It happened today - October 28, 2015

Cotton ginSpeaking of unintended consequences, October 28 of 1793 is the day Eli Whitney applied for a patent on the cotton gin. Thanks for the slavery, buddy.

Again, an unfair indictment. The gin was a simple yet ingenious hand-cranked doodad that separated the seeds from short-staple cotton easily and effectively, a crucial boon to U.S. agriculture. It’s easy to get the seeds out of long-staple cotton but it only grows near the coast but short staple cotton was a huge hassle to do by hand.

The cotton gin was also a great boon to the industrial revolution, which really began with coal-powered machines in Britain weaving American cotton into cloth. And the industrial revolution was a material boon to human beings, giving them warm clothing in hitherto unknown quantities.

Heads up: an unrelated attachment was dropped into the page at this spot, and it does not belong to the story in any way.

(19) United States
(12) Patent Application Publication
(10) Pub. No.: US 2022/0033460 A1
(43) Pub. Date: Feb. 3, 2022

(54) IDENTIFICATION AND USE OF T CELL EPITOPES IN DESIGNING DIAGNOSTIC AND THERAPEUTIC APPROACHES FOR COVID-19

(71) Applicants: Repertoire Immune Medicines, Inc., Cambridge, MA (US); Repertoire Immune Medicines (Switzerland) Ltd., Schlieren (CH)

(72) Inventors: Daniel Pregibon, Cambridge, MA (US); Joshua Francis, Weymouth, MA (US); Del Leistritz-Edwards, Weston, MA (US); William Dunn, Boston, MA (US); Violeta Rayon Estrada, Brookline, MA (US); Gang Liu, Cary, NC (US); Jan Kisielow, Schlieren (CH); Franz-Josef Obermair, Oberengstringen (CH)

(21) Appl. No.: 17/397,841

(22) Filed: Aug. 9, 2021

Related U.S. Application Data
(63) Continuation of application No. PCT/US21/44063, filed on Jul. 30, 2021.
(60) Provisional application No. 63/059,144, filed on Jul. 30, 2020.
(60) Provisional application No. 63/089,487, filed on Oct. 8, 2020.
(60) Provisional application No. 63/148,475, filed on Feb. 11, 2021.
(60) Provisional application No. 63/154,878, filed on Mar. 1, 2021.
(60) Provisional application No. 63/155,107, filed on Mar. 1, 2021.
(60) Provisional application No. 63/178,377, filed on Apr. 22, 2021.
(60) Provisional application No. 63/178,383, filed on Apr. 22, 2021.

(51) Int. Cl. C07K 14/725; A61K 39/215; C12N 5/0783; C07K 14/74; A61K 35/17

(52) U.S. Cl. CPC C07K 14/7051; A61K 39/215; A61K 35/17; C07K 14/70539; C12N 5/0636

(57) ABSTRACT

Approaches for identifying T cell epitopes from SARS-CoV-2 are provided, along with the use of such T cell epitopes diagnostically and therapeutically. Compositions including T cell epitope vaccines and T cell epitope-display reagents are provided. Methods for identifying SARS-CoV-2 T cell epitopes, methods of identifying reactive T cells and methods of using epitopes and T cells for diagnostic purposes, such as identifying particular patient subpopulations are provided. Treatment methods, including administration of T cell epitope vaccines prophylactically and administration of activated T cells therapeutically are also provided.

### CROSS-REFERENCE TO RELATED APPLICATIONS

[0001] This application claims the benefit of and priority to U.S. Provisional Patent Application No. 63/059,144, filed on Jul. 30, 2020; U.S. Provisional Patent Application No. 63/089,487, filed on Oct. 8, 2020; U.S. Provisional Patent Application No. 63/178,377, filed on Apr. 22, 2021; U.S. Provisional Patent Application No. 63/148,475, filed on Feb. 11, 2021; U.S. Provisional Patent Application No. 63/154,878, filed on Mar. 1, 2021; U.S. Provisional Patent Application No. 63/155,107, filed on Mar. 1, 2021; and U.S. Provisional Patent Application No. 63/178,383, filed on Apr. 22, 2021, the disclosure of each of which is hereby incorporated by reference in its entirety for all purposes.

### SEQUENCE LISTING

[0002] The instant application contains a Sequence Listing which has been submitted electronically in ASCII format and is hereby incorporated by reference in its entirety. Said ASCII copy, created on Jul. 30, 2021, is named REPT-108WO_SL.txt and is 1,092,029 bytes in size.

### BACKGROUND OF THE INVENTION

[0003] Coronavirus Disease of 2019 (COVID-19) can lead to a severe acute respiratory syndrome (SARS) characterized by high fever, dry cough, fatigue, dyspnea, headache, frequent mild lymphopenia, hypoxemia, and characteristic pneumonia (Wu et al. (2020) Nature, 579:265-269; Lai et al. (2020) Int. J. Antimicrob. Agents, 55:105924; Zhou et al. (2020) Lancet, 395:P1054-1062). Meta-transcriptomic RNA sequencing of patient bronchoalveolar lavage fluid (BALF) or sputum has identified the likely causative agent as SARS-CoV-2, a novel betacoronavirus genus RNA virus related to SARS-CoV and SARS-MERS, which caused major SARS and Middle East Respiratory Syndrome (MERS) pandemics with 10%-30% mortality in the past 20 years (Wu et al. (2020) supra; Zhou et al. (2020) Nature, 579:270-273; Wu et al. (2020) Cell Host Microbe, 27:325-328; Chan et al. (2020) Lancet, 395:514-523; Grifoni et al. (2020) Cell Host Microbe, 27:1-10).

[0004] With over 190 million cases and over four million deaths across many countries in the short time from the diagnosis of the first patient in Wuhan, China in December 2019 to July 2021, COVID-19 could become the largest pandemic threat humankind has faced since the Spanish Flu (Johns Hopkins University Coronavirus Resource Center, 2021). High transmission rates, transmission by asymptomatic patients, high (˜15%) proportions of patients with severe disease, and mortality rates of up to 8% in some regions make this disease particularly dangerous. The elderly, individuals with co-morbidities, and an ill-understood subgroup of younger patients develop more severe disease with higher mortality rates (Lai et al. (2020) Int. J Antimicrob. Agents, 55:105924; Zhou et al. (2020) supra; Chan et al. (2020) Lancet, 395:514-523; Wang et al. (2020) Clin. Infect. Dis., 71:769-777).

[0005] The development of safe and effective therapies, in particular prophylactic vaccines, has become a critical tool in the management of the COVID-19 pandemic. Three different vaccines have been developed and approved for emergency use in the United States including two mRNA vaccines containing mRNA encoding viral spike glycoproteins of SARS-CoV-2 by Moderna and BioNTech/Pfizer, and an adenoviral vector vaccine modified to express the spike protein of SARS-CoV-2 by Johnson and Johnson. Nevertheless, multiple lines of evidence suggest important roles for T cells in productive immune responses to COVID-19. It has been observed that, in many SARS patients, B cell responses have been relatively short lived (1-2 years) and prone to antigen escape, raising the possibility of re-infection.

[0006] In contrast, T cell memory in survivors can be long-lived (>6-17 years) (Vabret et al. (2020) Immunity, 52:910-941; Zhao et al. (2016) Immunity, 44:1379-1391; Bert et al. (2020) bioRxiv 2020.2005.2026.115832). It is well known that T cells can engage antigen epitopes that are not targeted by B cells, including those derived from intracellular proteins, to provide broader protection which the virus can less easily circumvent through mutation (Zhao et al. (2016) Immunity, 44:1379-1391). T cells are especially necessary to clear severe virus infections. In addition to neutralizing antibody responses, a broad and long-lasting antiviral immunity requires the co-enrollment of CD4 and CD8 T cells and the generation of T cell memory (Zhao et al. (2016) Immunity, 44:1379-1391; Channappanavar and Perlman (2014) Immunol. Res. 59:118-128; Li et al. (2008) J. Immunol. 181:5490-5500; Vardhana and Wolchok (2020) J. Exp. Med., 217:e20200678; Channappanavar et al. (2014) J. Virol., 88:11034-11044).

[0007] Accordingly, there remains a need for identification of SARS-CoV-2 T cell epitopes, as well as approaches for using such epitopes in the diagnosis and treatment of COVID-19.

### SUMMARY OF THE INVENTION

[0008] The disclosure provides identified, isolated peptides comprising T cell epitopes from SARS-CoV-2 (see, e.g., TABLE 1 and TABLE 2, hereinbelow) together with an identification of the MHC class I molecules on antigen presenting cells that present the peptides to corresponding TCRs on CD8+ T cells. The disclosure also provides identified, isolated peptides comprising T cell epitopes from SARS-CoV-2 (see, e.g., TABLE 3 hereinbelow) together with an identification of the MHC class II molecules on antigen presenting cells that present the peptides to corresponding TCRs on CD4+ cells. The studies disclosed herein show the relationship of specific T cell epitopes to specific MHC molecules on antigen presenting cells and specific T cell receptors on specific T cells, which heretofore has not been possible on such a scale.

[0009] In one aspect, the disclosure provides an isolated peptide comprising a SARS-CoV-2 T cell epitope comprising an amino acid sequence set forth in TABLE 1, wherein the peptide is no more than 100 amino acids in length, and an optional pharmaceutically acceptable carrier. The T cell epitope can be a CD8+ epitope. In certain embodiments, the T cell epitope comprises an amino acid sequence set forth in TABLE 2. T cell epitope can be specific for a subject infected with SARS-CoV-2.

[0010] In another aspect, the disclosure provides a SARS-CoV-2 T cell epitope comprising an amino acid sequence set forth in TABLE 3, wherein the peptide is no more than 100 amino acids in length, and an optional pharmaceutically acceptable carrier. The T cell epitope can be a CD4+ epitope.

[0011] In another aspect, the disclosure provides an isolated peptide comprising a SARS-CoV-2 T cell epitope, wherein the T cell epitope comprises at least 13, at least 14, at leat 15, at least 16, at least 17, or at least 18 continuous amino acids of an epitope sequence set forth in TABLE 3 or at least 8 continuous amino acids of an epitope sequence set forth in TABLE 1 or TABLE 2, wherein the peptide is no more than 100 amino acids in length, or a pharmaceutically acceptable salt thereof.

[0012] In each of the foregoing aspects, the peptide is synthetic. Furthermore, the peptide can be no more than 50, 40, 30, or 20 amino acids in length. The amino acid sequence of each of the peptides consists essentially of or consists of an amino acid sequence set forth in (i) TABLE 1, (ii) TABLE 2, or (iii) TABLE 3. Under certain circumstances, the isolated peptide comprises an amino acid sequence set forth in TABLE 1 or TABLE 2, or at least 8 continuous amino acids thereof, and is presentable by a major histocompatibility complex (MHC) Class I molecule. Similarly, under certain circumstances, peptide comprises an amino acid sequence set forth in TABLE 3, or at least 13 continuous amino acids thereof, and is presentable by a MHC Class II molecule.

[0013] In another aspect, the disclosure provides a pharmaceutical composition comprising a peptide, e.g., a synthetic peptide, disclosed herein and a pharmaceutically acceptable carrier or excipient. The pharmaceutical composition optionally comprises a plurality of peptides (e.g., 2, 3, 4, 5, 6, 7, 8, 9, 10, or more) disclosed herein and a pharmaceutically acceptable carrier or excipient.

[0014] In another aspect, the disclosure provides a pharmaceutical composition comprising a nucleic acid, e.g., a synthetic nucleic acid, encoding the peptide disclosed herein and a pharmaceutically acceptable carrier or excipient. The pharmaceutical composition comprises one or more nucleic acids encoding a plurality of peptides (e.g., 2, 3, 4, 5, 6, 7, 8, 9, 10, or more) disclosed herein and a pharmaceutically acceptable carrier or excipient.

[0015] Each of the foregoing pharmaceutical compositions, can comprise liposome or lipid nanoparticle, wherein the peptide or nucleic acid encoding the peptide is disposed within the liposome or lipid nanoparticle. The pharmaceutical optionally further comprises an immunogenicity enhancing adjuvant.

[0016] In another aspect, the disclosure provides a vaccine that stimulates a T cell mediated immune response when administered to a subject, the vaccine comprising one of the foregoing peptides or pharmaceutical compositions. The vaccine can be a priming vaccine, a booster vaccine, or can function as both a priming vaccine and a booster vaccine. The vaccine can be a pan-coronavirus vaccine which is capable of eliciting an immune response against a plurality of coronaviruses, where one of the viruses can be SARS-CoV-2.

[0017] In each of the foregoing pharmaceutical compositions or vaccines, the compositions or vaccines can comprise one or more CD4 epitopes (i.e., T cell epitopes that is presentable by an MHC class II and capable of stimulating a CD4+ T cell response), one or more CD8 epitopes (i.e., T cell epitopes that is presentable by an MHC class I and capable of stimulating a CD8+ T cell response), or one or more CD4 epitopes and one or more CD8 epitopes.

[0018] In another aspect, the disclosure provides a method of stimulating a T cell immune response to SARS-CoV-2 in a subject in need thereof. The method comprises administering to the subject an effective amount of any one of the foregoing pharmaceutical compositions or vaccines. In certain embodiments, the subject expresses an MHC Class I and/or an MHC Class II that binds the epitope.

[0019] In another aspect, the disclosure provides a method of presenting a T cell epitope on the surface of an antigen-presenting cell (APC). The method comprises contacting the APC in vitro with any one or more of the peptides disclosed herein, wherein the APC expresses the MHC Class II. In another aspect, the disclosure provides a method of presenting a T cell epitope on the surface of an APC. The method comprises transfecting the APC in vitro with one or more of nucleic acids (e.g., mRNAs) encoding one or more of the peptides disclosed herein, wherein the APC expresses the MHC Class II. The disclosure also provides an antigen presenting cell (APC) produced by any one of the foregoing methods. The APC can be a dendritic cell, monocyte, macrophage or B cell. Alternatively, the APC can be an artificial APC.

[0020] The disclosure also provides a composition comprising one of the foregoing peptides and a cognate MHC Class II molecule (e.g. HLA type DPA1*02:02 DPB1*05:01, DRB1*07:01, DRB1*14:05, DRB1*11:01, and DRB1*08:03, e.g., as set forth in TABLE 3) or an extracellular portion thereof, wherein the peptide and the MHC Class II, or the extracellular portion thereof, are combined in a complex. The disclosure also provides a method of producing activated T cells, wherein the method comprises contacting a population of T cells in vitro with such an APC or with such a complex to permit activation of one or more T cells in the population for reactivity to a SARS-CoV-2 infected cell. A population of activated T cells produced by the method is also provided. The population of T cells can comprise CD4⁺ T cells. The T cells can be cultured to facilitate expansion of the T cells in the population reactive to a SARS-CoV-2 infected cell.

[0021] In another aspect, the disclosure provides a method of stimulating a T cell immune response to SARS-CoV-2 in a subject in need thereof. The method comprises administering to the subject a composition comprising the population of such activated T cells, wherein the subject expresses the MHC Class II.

Unfortunately U.S. agriculture, especially in the South, was heavily dependent on slavery. And so Whitney’s clever device spun enormous evil misery. If I say “slavery” you’re liable to think of cotton fields. But prior to 1793 in North America it was primarily about tobacco, rice, indigo and, in Louisiana, sugar. And without cotton it might have been easier to abolish.

Easier, I say. Not easy. There were powerful “forces” pushing for its preservation and expansion, and powerful “forces” pushing for its abolition. In Britain and the British empire the latter prevailed; in America it took the Civil War. But “forces” are just the sum of individual human actions. And what mattered to slavery is that too many people failed to see its rottenness or, worse, saw but failed to act.

Eli Whitney isn’t guilty of any of that. He didn’t even make money off the cotton gin; he did later do very well making weapons for the U.S. government. Which is another issue for another day. But if you like cotton clothing, thank Whitney for the cotton gin, and blame the people who wouldn’t listen to abolitionists for its negative consequences.